Have you ever wondered where exactly your property ends? Maybe you’ve always relied on a landmark, like a tree or a fire hydrant, to know where you have to stop cutting your grass. Or maybe you’re concerned that your neighbor’s bright, new fence somehow makes your backyard feel a lot smaller. Whether or not you have a specific reason, it’s not a bad idea to know the official limits of your property. Being aware of the official boundaries of your land—and importantly, treating them as such—can help you avoid legal property disputes that are nearly always costly, lengthy, and preventable.
In Utah, the legal boundaries of your land can change without the surrendered (or acquired) portion being purchased and contrary to the results of parcel surveys. One of the ways through which this may occur is known as “boundary by acquiescence.” This legal doctrine may settle property disputes between adjoining landowners, and it has four essential elements: those wishing to establish boundary by acquiescence must show, by clear and convincing evidence, that (1) there is a visible line marked by monuments, fences, buildings, or natural features treated as a boundary; (2) the claimant’s occupation of his or her property up to the visible line is such that it would give a reasonable landowner notice that the claimant is using the line as a boundary; (3) there is mutual acquiescence [consent] in the line as a boundary by adjoining landowners; and (4) such acquiescence has continued for at least 20 years. See Anderson v. Fautin, 2016 UT 22.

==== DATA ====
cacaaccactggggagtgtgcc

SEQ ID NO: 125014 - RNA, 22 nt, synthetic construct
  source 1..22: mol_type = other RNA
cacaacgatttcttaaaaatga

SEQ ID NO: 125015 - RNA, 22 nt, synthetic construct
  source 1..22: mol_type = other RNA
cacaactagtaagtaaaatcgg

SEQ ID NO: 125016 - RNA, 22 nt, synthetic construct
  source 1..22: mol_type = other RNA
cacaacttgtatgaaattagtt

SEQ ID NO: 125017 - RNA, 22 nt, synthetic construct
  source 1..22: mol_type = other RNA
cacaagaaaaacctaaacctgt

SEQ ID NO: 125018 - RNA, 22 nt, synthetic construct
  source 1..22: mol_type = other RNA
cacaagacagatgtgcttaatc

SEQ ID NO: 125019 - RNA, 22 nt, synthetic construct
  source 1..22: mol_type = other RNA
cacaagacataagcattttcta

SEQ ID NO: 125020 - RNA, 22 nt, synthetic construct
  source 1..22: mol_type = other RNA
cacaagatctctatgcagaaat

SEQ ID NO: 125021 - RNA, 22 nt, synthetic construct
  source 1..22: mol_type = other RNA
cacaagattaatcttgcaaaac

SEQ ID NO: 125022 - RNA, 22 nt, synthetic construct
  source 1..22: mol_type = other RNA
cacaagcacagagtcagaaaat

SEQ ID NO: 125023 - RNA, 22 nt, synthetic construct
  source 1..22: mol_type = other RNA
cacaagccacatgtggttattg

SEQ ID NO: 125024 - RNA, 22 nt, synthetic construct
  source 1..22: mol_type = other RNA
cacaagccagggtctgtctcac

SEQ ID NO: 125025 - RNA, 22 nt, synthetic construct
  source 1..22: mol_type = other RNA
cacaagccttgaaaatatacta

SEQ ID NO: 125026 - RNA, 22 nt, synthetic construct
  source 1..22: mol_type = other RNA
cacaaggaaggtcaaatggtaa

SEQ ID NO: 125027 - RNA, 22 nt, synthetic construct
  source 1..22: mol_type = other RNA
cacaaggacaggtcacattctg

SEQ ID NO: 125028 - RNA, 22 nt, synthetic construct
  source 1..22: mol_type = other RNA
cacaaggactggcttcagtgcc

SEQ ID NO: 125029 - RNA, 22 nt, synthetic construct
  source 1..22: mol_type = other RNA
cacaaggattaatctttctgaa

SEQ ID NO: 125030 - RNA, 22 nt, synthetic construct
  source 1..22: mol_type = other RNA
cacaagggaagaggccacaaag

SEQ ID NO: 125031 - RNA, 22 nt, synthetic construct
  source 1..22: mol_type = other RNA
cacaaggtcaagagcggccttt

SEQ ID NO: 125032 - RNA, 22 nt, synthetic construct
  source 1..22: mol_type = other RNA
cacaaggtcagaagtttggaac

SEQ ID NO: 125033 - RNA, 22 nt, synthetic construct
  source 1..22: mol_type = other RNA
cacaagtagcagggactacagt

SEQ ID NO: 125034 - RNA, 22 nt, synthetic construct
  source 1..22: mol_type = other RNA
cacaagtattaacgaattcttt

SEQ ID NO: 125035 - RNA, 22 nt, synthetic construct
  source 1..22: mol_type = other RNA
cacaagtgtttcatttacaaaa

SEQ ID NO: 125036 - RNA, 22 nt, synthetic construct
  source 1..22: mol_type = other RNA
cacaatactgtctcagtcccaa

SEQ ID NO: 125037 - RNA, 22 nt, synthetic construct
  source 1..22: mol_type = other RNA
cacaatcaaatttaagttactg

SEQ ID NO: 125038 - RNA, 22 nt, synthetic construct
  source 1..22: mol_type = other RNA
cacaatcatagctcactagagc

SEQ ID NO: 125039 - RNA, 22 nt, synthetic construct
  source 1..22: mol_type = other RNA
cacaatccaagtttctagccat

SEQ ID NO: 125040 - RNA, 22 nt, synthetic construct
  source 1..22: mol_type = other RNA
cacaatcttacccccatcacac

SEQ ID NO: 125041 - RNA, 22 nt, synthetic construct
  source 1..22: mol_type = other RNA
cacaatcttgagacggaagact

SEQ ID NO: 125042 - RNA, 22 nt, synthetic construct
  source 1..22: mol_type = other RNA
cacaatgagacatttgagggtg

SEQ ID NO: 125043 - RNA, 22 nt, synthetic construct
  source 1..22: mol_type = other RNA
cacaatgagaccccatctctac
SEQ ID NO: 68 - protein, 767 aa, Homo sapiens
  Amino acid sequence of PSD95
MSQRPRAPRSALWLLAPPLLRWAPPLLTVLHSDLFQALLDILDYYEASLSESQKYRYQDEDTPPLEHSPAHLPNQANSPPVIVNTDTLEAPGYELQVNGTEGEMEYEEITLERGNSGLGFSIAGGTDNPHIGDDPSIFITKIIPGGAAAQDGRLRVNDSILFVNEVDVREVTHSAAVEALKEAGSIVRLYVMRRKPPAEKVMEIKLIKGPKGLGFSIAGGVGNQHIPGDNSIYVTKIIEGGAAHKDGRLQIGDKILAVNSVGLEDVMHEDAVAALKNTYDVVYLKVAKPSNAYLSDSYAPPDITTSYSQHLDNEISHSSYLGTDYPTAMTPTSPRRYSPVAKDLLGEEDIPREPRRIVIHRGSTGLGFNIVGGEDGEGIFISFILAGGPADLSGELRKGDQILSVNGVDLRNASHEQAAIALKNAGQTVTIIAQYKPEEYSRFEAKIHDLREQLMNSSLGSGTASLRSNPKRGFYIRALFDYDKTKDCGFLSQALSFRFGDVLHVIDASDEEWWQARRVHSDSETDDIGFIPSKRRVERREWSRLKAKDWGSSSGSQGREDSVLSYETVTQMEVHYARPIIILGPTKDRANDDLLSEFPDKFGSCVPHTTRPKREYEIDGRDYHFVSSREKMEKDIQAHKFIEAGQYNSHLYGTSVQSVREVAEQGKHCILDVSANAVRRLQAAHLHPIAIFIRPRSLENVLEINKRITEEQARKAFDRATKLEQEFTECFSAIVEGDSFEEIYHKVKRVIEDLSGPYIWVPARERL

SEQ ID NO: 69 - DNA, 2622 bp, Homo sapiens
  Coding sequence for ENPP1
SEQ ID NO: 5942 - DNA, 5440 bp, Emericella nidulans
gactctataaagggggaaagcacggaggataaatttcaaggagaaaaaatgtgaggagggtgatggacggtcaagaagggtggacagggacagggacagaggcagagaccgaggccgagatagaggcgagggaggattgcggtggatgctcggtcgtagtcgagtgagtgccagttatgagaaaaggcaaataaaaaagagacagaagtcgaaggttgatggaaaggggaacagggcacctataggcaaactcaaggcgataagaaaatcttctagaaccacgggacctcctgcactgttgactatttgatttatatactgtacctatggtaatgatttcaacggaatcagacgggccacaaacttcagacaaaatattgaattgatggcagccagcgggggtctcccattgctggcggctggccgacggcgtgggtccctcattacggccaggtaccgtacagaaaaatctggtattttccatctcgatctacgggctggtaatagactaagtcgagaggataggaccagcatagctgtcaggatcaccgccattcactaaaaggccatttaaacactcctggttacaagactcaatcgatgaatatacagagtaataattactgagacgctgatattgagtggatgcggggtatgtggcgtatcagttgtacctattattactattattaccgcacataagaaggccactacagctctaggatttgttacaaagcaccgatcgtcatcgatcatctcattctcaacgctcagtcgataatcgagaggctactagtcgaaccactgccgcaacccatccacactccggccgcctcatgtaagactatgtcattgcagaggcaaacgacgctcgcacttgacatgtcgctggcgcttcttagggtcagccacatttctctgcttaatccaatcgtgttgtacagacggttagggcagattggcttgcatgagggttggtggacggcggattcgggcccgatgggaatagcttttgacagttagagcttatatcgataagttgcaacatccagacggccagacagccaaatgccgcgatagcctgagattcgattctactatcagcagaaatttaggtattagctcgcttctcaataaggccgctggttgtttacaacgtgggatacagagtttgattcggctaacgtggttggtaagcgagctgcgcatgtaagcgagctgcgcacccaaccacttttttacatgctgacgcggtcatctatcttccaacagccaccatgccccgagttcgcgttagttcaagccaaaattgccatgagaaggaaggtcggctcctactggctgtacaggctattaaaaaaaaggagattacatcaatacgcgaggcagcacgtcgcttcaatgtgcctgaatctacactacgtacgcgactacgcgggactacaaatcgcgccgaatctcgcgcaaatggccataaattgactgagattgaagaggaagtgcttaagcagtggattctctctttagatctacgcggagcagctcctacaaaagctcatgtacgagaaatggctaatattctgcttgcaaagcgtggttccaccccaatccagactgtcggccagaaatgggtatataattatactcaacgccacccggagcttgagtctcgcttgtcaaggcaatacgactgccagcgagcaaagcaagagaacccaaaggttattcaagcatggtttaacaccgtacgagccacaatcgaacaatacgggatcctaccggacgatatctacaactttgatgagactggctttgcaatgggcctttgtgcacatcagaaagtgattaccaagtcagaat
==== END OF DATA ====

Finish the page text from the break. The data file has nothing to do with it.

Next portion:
Such a high standard for a boundary by acquiescence claim may seem hard to reach; after all, who would willingly give up part of their property? That said, it happens more often than one may think. Often, land will be sold from one owner to the next with a fence or other physical boundary in place. As it passes from owner to owner, that fence stays in place, and it is treated as a functional boundary for periods exceeding 20 years. By the time a current owner finds out that he or she should own land beyond the fence, it may be too late. When a boundary by acquiescence claim is brought forth in court and the claimant can prove each of these elements to the court’s satisfaction, any existing property records (such as the results of a survey) may become irrelevant; the court can quiet the title of the land to reflect the longstanding, mutually accepted boundary.
One of the key elements of a boundary by acquiescence claim is that both parties treat a boundary as the functional limit of their properties—regardless of knowledge that such is not the surveyed boundary. This means that it is important to react to encroachments on your land within a reasonable timeframe. Indeed, the very purpose of the doctrine of boundary by acquiescence is to preserve peace and order when no one has complained about or responded to encroachments for a long period of time. See Hobson v. Panguitch Lake Corp., 530 P.2d 792, 794 (Utah 1975). You can prevent such a claim from being made against you by clearly asserting your use of the entirety of your property.
If you have reason to believe that your neighbor has recently encroached on your land, or if you are purchasing land and want to avoid boundary disputes, Sumsion Business Law can help. Our experienced attorneys are eager to help you navigate this potentially stressful experience.